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Last summer I did a tour of the Pacific coast from California to Tillamook, Oregon.  We stopped at two lighthouses but if you are traveling by auto it would be fun to see all nine of the surviving lighthouse stations since they have been added to the National Register of Historic Places.
Seven of the lighthouses are available to visit during the summer months, many manned by volunteers.  Over two and one half million people stop each year at these extraordinary links to the past.
All of the structures have been unoccupied since modern technology took over in the 1960s which allowed for installing automated beacons.  The lighthouses are built on prominent headlands near major rivers where commercial fishing and shipping is prominent.
I will tell you a little about each one so if you cannot see them all, you can at least pick and choose which ones sound the most interesting.

Staring from just north of the California border the first one is Cape Blanco.

This lighthouse stands 256 feet above the ocean and is located nine miles north of Port Orford off of Highway 101.  It is the oldest standing lighthouse on the Oregon Coast.  It was commissioned in 1870 because of the gold discoveries and lumbering going on in the area.
Two miles north of Bandon in Bullards Beach State Park is the Coquilee River Lighthouse.  It was commissioned in 1896 to guide mariners across a dangerous bar.  It was decommissioned in 1939 but restored as an interpretive center in 1979.
Cape Arago Lighthouse is twelve miles south of Coos Bay and North Bend.  It stands 100 feet above the ocean on an inlet.  It is the newest of the lighthouses, illuminated in 1934 but is not opened to the public.  However if you visit, there is a very unique foghorn you might hear.
Next up is the Umpqua River Lighthouse located three miles south of Reedsport  above the entrance to Winchester Bay.  This is the second lighthouse on this spot.  The first one fell into the river four years after it was built in 1861.  This one sits sixty five feet above the ocean overlooking sand dunes.  It took 240,000 bricks to construct the lighthouse tower and if you mention this you will get a discount on the tour cost.
Heceta Head Lighthouse located twelve miles north of Florence has a sixty five foot tower that sits 205 feet above the ocean.  It was first illuminated in 1894 but today the beacon can be seen for twenty one miles, making it the brightest light on the Oregon Coast.  The lightkeepers house built in 1893 now operates as a bed and breakfast.

This lighthouse has been undergoing renovation since 2012 and is closed to the public but just below it is a wonderful beach with parking.  This is where I stop on the motor coach so everyone gets a chance to wade in the Pacific Ocean if so desired. Also it is very near the Sea Lion caves.  There is a charge to see the caves but it is a pretty awesome sight and worth the visit.
You can find two more lighthouses near the Newport area.  One is the Yaquina Bay Lighthouse and the other is the Yaquina Head Lighthouse.  The one on the bay is the second oldest lighthouse in the state.  It has a ninety three foot tower and stands 162 feet above sea level.  There are a lot of seabird nesting sites around this lighthouse and I also like to stop here when I can.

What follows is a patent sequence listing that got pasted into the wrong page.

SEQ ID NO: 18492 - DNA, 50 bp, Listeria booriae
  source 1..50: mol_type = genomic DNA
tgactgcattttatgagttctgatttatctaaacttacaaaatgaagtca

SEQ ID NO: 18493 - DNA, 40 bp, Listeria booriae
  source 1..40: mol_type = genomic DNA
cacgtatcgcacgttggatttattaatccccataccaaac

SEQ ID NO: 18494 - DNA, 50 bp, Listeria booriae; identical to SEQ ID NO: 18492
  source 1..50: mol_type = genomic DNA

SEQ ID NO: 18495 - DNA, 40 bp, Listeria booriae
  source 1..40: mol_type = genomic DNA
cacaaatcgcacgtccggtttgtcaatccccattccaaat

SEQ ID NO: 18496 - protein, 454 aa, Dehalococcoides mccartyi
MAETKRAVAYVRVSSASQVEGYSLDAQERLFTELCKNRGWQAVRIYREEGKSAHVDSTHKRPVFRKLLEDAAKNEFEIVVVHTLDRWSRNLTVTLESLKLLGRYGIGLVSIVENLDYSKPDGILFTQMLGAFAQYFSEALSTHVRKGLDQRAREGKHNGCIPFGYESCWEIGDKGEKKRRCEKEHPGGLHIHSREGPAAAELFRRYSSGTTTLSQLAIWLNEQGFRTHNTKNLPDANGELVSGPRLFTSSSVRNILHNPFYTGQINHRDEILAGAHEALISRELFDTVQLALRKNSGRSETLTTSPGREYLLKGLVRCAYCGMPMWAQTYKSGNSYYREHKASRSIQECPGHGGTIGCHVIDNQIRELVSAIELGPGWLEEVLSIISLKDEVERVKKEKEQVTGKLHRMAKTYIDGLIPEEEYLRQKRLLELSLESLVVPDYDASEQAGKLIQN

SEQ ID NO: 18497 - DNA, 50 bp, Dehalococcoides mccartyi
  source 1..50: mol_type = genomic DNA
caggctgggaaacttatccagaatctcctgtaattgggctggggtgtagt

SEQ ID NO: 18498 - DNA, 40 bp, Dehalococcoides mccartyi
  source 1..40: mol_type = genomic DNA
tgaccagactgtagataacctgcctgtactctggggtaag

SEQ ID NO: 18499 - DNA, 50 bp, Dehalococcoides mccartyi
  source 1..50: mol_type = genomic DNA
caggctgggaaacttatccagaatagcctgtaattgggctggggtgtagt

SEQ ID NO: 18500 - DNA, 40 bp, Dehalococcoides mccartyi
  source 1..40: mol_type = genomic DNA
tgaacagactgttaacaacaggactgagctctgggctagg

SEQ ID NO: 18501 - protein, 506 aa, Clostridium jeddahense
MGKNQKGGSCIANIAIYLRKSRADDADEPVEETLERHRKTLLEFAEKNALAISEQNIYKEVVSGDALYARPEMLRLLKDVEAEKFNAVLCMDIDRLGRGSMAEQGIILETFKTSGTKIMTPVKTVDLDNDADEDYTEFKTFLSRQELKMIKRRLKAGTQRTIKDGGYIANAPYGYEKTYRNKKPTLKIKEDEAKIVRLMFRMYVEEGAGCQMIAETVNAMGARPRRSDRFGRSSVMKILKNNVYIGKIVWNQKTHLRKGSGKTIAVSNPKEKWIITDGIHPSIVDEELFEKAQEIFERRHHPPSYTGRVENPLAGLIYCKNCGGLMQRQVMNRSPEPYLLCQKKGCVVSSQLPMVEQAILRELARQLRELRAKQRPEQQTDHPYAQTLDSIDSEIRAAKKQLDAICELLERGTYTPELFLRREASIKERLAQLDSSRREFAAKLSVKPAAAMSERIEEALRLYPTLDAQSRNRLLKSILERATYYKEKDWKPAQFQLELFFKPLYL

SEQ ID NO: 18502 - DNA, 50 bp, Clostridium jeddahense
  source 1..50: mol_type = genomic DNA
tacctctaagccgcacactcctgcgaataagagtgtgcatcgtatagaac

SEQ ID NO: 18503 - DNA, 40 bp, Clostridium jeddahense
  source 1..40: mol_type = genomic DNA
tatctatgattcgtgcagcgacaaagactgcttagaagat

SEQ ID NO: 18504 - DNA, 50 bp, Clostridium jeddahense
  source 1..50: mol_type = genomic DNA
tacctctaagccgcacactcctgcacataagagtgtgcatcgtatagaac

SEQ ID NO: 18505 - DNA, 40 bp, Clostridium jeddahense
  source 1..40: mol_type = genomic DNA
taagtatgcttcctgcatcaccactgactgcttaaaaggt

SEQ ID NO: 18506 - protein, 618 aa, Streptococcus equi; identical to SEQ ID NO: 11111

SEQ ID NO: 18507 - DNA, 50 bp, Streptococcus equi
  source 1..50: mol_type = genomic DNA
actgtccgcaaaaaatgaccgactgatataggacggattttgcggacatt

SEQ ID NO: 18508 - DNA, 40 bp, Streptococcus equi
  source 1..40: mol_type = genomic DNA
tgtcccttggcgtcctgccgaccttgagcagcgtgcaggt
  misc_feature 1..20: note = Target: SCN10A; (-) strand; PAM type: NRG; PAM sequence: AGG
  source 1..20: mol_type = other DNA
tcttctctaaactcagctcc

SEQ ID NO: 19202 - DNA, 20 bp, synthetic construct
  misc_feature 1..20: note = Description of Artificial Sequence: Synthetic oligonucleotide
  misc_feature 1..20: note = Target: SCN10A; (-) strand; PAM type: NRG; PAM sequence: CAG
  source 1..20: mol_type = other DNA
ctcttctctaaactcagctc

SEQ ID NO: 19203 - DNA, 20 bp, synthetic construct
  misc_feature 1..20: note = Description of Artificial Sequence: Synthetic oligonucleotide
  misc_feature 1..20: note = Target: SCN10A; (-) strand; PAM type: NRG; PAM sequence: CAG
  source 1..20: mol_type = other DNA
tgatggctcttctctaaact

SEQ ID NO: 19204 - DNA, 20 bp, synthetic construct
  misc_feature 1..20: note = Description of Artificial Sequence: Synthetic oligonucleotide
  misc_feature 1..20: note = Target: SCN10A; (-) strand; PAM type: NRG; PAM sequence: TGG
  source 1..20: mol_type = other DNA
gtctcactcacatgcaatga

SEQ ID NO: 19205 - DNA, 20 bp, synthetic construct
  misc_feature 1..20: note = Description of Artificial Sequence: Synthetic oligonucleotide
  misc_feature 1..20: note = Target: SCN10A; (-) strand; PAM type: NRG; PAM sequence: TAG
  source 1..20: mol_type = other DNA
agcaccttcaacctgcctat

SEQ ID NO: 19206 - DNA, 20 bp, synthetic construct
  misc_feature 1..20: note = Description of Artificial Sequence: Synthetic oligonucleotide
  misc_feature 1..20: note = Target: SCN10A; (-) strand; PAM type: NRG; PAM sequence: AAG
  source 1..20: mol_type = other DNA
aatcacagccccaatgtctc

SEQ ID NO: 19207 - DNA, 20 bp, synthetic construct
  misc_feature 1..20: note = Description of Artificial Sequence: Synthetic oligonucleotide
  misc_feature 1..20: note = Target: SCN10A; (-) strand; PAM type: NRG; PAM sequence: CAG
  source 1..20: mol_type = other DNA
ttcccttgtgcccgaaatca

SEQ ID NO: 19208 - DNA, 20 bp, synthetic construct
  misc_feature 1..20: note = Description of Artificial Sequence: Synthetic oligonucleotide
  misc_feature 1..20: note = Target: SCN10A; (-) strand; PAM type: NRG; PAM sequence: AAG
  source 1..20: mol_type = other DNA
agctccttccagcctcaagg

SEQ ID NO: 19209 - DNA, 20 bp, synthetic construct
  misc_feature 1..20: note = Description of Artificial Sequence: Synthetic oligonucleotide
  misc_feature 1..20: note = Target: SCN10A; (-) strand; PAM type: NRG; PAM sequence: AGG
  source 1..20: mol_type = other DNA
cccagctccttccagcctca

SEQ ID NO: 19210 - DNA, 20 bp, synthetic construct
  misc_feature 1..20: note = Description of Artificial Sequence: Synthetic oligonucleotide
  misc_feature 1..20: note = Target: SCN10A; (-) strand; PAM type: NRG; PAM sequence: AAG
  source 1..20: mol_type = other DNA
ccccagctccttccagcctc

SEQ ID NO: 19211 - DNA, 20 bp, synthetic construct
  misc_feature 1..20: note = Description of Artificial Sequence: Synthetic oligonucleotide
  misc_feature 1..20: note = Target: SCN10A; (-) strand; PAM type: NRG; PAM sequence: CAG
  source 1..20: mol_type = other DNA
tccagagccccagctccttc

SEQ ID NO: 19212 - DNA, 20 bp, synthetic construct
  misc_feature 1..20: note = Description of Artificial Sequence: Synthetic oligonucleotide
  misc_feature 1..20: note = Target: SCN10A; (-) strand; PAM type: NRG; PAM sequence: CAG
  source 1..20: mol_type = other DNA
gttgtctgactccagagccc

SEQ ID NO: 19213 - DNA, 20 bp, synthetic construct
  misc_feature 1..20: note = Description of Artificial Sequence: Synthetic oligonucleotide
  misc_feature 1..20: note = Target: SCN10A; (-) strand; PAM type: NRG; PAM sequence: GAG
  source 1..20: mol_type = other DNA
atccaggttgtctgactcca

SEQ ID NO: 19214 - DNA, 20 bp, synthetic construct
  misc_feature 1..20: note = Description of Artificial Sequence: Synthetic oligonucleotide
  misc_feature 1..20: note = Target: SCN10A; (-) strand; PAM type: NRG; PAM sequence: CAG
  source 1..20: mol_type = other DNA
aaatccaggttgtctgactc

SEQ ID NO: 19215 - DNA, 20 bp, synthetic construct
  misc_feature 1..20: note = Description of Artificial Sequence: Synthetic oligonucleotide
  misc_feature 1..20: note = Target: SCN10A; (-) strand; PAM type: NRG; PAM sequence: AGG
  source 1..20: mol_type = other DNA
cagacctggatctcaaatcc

As you continue driving the Cape Meares Lighthouse is ten miles west of Tillamook and US Highway 101.  It stands 217 feet above sea level. This structure was first illuminated in 1890 and automated in 1963.  There is a trail that leads from the parking lot to the lighthouse and there are viewpoints people like to stand on to see sea lions or also for whale watching.
Finally the last one is the Tillamook Rock Lighthouse just south of Seaside.  It stands 133 feet above sea level on a rock islet.  Because it is exposed to fierce storm waves it was given the name “Terrible Tilly.”  There is no public access and was placed here just south of the Columbia River.  However it is visible in a nearby state park.
Even if you don’t get to one of the lighthouses, which would be a shame, just driving the Oregon Coast is an awesome experience.  At any turn in the road you can see waves pounding the shore or the giant monolith rocks that stand like sentinels in the water close to the shore.  It is a truly amazing sight to behold. To me this should be another great area to add to your bucket list.

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While traveling the Pacific Coast last summer we went inland to Portland, Oregon and then up I-5 towards Seattle.  On our journey we stopped in the Mount St. Helens area.
Mount St. Helens, 8364 feet high, is in the Cascade Mountain Range in southern Washington.  There are several volcanoes in this range with four alone in Washington State.
Up by the Canadian border, north of Seattle, is Mount Baker,  Next comes Mt. Rainier, a majestic mountain over 14,400 feet high.    Mt. Rainier is full of glaciers and if it blows, the catastrophe, because of the ice particles and amount of people living in the area, will be much worse than the Mt. St. Helens’ eruption.   Behind Rainier is Mt Adams.